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Matthew 5:28 is notorious on setting standards for committing adultery in our hearts:

Mat 5:27 "You have heard that it was said, 'You shall not commit adultery.' Mat 5:28 But I say to you that everyone who looks at a woman with lustful intent has already committed adultery with her in his heart. Mat 5:29 If your right eye causes you to sin, tear it out and throw it away. For it is better that you lose one of your members than that your whole body be thrown into hell. Mat 5:30 And if your right hand causes you to sin, cut it off and throw it away. For it is better that you lose one of your members than that your whole body go into hell.

It wasn't until recently that I became bothered by this passage because it seems so contradicting to my understanding of Christ. Here is my logic:

  1. Jesus lived without committing a sin.
  2. Jesus said, "If you look upon a woman lustfully than you have committed adultery in your heart".
  3. Therefore, Jesus never looked upon a woman with lust.
  4. Objection: Didn't G-d come into the flesh to experience the struggles of being man which includes lust?

The only alternative explanation I can think of is that it means to entertain sexual thoughts. To have a sexual thought or feeling does not make it a sin itself, but entertaining it does. My objection to this interpretation is that it sounds pretty straight forward by what Jesus meant.

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Your alternative explanation seems to be in plain agreement with this passage. Nearly all versions of verse 28 emphasize intention, with the version quoted in the question explicitly using the word intent.

We suppose Jesus occupied a body which grew, hurt, bled, suffered, ached, died and perhaps longed for companionship, and so was exposed to a whole range of human suffering and experience. But, as he was without sin, he never gave expression to his bodily passions (either in thought or deed) in such a way that violated God's will. In short, although his body may have experienced sexual arousal (or lust), he never willfully entertained lustful thoughts that would have displeased God.

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Strong's translates the lust verb (ἐπιθυμέω) as "to set the heart upon". Had Jesus stopped with βλέπων (to look upon) or combined it with a form of the verb πειράζω (to be tempted), indicating that the simple act of looking upon a woman or being tempted to keep looking was sin, then you have a dilemma. Yet, James says in chapter 1, verse 15 of his epistle that it is not temptation that gives birth to sin, but lust (ἐπιθυμία). This is why Jesus also said attitudes of anger or hate toward a brother were the equivalent of murder under the Law (Matthew 5:22). The Scripture seems to keep coming back to heart matters.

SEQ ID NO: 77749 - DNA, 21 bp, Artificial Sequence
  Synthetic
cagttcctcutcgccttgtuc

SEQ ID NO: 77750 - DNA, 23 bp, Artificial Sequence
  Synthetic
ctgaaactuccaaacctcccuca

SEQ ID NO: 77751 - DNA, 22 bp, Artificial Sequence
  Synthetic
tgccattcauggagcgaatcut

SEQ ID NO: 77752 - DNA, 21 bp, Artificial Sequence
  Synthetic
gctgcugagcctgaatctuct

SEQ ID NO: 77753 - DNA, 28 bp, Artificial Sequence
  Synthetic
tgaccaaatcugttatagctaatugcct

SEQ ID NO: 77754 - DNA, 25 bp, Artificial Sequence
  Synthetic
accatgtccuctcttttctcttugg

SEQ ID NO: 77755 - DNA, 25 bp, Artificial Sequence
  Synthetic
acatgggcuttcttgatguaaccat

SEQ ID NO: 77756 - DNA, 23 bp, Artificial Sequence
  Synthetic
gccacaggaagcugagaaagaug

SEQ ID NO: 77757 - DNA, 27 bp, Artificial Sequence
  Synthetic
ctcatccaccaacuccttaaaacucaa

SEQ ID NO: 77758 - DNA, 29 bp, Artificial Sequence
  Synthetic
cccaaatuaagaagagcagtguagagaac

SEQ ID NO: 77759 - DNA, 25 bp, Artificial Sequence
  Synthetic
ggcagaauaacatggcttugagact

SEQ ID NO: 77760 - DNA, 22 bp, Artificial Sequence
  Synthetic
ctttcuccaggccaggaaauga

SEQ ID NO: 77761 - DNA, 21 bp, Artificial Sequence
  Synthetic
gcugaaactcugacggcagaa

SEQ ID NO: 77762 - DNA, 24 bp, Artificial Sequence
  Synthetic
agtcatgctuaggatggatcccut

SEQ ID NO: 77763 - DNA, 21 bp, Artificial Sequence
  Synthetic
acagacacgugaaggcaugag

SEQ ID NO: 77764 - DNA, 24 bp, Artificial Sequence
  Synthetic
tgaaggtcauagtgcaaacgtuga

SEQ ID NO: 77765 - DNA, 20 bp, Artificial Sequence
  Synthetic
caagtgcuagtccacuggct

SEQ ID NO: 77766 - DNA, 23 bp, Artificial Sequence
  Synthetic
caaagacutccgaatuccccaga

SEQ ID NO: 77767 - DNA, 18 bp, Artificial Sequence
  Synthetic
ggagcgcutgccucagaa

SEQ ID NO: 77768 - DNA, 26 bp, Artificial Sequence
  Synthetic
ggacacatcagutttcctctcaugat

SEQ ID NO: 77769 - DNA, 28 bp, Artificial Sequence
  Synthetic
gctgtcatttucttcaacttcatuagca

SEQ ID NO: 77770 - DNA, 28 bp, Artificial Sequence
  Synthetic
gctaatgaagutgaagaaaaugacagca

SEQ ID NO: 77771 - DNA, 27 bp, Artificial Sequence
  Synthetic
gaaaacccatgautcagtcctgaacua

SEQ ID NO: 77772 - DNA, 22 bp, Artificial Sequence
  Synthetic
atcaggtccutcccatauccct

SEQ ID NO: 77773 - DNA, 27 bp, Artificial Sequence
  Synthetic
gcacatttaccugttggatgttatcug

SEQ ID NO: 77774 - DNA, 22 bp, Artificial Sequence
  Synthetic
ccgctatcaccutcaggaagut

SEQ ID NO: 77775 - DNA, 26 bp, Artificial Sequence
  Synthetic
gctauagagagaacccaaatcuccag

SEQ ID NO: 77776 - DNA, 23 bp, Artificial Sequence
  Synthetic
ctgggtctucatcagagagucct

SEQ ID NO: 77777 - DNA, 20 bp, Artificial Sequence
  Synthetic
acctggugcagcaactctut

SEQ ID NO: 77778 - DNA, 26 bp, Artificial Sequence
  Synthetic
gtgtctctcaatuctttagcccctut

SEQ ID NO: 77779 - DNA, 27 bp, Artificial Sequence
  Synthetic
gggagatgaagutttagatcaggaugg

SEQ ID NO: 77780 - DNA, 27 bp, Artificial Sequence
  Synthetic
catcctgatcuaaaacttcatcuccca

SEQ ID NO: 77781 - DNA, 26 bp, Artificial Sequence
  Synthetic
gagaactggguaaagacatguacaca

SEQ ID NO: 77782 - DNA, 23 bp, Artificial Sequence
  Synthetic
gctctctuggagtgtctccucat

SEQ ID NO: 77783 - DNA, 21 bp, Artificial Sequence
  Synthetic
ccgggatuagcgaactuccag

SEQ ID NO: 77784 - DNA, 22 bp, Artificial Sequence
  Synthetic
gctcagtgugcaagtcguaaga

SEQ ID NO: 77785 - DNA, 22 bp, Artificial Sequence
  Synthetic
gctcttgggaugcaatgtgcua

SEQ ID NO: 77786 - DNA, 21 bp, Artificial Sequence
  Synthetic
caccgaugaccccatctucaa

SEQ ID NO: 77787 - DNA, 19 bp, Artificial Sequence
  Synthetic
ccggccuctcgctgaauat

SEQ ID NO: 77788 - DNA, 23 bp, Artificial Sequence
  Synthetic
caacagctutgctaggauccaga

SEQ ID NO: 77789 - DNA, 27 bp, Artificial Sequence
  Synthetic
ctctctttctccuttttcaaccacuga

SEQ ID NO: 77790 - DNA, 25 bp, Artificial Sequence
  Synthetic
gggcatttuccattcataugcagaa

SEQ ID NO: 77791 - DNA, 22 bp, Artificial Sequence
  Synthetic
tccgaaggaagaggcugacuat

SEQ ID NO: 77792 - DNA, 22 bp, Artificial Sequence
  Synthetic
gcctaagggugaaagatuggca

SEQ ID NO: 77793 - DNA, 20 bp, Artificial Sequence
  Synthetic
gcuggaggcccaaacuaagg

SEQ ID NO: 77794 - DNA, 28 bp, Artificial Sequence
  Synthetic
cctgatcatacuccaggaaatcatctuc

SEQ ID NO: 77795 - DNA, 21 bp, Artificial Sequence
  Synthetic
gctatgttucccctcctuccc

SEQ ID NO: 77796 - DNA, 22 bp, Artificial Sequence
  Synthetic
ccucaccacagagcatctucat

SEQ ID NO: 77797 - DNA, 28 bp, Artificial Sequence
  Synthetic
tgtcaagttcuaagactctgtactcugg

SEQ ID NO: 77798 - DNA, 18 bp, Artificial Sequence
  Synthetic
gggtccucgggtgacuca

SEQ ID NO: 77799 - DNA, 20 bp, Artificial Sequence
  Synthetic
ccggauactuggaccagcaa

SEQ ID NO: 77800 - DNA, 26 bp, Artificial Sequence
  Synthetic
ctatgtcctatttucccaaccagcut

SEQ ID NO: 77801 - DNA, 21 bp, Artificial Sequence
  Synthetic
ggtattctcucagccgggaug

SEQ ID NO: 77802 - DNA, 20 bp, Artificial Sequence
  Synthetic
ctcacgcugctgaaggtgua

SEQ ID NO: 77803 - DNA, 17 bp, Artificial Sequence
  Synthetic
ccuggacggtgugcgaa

John 2:24 says that Jesus did not entrust Himself (ἐπίστευεν) to man. A broader explanation of that word is to have faith in or commit to. It is the verb action by which followers of Christ are identified. If Jesus didn't entrust Himself to man or commit Himself to man, it is unlikely He would have set His heart on a woman in a relational or sexual sense. Instead Jesus is described as setting his face (ἐστήρισεν) like flint toward Jerusalem (Luke 9:51) and His crucifixion. That sounds like a strong equivalent of setting your heart or mind on a thing.

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    The Temptation is there(Note: God doesn't tempt-See James 1:13). It's when temptation is 'succumbed to' that sin enters in. It's not in itself wrong to 'look' upon a beautiful woman, it is wrong to look with 'lust'(epithumeo'-to desire, set our heart upon). The emotion in and of itself is not sin, it's when the emotion is directed contrary to the will of God is when it becomes sin. We are to "hate" evil, "lust" after righteousness, be "jealous" for the things of God, "drink deep(gluttony)" from the wells of salvation, and "rest"(sloth?) in the Lord. – Tau Jun 8 '16 at 23:47
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    @Tau I agree. I hope that my answer didn't present that the emotion was itself is sin. I appreciate the clarification (in case it did). My goal was simply to point to the act of setting our hearts on something other than God's will as the birth place of sin, not the temptation itself. – Jeremy Jun 9 '16 at 0:04
  • My Point....Precisely! ;>) – Tau Jun 9 '16 at 21:22
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There are nine answers to this question, and there are some really interesting points about social relations in the time of Christ, or where exactly do you draw the line between being tempted by a woman and "lusting for her", but I think focusing on these issues may be missing the overall point that Jesus was trying to make in this passage.

Context

Here is the passage with a bit more context (LEB):

For I say to you that unless your righteousness greatly surpasses that of the scribes and Pharisees, you will never enter into the kingdom of heaven.

“You have heard that it was said to the people of old, ‘Do not commit murder,’ and ‘whoever commits murder will be subject to judgment.’

But I say to you that everyone who is angry at his brother will be subject to judgment, and whoever says to his brother, ‘Stupid fool!’ will be subject to the council, and whoever says, ‘Obstinate fool!’ will be subject to fiery hell.